We had lots of conversations pre-marriage and pre-moving in together, and involved the kids in conversations about things that were important to each of us, and those were helpful, but this is just something that is going to keep coming up. Grieving can take years–especially when it’s not something that the family makes space for, and I’m going to make a sweeping generalization and say that generally, our culture is crap about processing grief.

            It’s a lot of hardness. Even four years into this, sure that I am married to the best person for me that I could have possibly found, and knowing that the reason he’s this person is BECAUSE he had a marriage and two kids before he met me, it’s all just really hard sometimes.

          • Violet

            As an adult child of divorce, I have SO many feelings about this. Thank you and thank your husband for me for listening to his kids’ pain, even when it’s hard for him (and you!). Their pain is REAL, their opinion of whether or not the divorce was a “net positive” for them is REAL, and the thing is: they’re kids. You two adults can process your feelings together, but they need their dad to help them with their feelings. Trying to convince them that the divorce was a positive shuts that down, big time.
            So thank you, for supporting the feelings of the more vulnerable parties in the situation.

          • Victwa

            Just to be clear– my husband has never tried to convince the kids that the divorce was a net positive. It’s more when he looks at the level of conflict in the household pre-divorce (very high), and a lot of the ways his parenting has become more healthy post-divorce, and even seeing the ways his kids have responded to certain parenting changes he’s made (being more consistent/following through, talking about stuff more, etc.–things that he is also very clear happened because of meeting me and conversations we had about parenting), that he can see the ways certain changes have benefited them. He’s never tried to convince them about their own feelings– he just didn’t necessarily make a space for the feelings.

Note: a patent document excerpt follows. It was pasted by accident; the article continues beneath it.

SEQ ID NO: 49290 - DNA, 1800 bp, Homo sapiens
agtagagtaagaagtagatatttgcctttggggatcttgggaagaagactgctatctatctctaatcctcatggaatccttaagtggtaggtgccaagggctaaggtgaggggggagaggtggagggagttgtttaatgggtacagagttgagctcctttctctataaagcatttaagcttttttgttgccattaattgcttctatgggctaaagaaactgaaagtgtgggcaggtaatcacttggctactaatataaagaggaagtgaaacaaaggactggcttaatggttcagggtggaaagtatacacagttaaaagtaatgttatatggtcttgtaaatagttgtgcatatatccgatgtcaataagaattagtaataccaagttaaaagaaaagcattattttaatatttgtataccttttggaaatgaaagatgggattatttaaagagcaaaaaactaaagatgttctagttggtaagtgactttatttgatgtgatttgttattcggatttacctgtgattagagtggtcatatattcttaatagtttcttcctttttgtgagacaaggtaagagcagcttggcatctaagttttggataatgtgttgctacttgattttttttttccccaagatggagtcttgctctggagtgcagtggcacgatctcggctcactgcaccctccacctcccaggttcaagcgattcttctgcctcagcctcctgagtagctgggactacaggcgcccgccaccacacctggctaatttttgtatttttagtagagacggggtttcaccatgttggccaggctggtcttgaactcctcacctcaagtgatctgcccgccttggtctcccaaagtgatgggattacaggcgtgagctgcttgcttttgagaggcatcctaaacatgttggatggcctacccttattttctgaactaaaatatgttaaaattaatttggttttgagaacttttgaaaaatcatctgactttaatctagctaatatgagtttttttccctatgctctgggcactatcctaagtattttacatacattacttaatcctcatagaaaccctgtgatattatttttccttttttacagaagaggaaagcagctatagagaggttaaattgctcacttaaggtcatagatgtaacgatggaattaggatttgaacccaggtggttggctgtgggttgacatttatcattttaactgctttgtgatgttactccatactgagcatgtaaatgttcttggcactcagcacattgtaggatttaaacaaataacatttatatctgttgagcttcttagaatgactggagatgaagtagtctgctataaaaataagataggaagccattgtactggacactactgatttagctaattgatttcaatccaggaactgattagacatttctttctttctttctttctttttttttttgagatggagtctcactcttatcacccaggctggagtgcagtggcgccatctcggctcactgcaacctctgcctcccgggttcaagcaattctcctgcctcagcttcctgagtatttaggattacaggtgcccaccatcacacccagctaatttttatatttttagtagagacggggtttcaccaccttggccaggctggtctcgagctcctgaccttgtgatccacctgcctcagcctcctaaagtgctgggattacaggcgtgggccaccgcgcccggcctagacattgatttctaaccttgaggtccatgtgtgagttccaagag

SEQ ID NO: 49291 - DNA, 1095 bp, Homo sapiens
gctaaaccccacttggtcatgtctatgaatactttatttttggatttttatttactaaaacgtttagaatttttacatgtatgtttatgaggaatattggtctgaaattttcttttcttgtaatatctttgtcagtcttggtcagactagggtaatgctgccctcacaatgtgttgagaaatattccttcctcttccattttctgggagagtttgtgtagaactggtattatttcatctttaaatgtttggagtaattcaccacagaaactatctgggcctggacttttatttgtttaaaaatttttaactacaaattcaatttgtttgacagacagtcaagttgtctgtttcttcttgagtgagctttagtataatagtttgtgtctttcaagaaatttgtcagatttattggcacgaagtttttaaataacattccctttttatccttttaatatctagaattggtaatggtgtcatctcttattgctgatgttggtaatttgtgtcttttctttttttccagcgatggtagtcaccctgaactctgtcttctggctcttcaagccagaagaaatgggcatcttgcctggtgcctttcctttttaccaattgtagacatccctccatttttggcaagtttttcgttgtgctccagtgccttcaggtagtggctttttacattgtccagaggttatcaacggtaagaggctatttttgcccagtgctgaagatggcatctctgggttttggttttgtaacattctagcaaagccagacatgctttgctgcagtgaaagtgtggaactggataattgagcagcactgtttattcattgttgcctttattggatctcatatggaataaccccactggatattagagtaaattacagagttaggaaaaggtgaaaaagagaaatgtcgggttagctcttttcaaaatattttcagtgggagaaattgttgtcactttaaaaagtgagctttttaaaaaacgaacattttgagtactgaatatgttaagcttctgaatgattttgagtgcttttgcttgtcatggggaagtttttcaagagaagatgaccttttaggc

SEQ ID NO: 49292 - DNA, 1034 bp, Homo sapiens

• Violet

            Yep, that’s how I interpreted what you wrote- that in his highly-evolved, has-all-the-facts adult mind, he knows there is a positive in the situation for his kids. But that it doesn’t make sense to try to “convince” the kids of that, because they would take it as an undermining of how they are feeling. As you said, this is a conversation he has with himself (and you too, because that’s what partners are for!). The fact that now he’s going the extra step and allowing space for his kids’ feelings- yeah, so much good stuff happening here.

          • z

            Well said. I truly loathe the cliche “children are resilient” because my parents use it to mean “sit down and shut up,” as if it’s a magic wand that waves away the impact of their choices on others. Any negative opinions I have about their divorce are merely evidence of my own lack of resilience– they can’t stand to hear anything negative about their choices. I don’t think their divorce was a net positive, but I have to keep my true feelings a secret, and it has permanently damaged my relationship with my parents. I Their failure to be realistic about the impact of their choices has caused me to lose respect for them.

            “Children are resilient” does children, parents, and step-parents a real disservice, because it gives them unrealistically high expectations of post-divorce family life. Research shows that some children are resilient, some are resilient only with a lot of good parenting, and some children are not very resilient and experience serious problems. While everyone would like to believe that their divorce will be a net positive, their second marriage will be happy, and their children will cope well, for a lot of families that isn’t the case. This can lead to inadequate post-divorce parenting, compounding the harm of the divorce.

          • Violet